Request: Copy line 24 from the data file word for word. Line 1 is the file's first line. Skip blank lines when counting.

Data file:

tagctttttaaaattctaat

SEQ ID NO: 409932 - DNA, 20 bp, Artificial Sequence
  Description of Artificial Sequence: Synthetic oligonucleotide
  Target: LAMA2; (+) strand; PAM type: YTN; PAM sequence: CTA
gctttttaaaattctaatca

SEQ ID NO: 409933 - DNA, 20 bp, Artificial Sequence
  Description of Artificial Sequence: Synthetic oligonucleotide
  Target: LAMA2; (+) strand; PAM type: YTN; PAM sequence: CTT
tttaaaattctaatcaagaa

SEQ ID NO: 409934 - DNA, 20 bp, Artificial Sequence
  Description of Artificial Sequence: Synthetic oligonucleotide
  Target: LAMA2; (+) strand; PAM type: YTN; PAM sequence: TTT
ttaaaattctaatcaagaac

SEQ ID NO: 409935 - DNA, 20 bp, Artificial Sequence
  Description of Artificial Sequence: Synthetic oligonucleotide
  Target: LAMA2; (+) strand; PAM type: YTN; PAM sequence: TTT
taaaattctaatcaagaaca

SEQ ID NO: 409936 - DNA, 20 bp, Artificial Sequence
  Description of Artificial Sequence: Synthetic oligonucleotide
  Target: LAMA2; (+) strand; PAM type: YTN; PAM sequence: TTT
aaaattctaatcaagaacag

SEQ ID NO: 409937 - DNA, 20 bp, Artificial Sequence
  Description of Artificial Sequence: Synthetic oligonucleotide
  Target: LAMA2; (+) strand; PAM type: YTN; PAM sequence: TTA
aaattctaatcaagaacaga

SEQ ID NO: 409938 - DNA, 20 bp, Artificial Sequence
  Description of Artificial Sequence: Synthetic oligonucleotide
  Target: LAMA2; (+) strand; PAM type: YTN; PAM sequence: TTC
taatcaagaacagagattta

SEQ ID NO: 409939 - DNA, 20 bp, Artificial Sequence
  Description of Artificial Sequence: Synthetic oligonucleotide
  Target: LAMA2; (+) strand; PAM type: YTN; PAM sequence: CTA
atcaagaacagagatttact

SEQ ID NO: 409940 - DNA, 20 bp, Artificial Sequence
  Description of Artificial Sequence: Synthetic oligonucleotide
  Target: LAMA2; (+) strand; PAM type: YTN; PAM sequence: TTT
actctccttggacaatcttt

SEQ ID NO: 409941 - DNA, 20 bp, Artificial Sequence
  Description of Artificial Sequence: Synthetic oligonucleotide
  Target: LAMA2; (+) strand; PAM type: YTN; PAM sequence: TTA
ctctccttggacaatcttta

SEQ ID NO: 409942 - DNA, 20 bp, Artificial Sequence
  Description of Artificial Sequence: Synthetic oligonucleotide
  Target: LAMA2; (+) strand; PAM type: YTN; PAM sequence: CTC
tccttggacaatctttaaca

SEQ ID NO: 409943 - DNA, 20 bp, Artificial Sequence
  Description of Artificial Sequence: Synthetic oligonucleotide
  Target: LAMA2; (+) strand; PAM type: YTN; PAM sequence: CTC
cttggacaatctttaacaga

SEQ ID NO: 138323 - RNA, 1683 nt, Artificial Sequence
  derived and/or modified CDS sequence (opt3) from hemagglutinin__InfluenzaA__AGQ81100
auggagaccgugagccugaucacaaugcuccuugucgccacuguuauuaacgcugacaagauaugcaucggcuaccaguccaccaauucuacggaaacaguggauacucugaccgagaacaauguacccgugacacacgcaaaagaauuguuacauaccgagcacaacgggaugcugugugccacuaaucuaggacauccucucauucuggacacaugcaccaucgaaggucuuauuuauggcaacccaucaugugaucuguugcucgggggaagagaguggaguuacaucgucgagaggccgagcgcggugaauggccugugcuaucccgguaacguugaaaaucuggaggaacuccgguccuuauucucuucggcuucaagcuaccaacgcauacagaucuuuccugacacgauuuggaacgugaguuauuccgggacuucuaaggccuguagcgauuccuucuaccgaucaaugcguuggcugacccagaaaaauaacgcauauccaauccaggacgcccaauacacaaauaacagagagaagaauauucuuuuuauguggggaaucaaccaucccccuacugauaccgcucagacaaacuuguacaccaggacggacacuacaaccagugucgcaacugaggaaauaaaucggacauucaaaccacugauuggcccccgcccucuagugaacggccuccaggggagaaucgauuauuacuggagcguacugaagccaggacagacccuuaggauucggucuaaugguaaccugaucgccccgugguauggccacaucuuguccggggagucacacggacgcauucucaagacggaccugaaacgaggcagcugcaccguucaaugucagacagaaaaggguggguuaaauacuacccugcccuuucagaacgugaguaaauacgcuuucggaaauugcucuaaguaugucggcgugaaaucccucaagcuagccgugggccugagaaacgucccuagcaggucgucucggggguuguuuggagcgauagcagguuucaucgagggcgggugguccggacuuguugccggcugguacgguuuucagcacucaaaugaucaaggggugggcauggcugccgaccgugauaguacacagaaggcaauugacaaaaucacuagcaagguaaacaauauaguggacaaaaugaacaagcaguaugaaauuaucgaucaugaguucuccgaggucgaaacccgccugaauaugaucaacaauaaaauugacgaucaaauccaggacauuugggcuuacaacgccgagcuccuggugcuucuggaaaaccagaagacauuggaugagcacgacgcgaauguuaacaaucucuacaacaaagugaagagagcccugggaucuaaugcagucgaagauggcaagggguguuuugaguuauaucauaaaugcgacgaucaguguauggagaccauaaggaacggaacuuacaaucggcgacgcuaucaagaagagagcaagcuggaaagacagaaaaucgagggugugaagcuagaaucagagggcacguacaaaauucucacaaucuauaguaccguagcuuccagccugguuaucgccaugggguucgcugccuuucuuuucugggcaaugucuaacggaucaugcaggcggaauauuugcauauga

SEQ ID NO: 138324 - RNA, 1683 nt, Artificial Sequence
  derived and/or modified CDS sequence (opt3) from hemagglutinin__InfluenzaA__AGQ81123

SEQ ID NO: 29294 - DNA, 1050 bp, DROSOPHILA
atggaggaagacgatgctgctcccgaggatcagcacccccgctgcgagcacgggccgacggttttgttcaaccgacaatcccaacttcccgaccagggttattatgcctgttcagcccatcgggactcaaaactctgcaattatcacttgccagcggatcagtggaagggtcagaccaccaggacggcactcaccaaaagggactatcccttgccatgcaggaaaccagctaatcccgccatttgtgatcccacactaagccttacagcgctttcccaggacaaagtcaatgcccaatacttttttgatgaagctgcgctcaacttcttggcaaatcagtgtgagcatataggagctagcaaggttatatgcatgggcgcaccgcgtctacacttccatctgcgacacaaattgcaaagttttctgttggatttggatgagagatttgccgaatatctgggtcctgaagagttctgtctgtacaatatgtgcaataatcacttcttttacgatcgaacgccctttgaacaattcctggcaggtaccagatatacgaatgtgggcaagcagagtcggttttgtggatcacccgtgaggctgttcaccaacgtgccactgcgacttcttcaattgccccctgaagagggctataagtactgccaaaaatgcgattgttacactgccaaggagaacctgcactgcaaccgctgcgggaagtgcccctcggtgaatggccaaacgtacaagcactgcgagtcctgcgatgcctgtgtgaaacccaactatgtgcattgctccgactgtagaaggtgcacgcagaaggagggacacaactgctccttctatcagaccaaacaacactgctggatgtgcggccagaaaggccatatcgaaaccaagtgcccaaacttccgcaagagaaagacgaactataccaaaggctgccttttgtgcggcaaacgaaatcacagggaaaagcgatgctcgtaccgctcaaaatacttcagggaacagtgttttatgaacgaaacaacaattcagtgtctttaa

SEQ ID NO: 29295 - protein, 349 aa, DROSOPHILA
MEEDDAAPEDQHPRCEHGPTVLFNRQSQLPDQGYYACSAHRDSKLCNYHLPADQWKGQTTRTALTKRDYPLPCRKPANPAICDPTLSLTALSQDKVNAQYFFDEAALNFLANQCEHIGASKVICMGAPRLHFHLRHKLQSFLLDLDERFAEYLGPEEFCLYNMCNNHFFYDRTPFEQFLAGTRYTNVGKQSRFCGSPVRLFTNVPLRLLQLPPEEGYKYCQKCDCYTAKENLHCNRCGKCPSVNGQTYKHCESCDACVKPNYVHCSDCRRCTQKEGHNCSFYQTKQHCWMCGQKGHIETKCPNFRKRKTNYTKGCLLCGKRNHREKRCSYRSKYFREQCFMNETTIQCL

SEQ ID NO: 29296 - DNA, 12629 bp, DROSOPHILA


  Target: LAMA2; (+) strand; PAM type: YTN; PAM sequence: TTA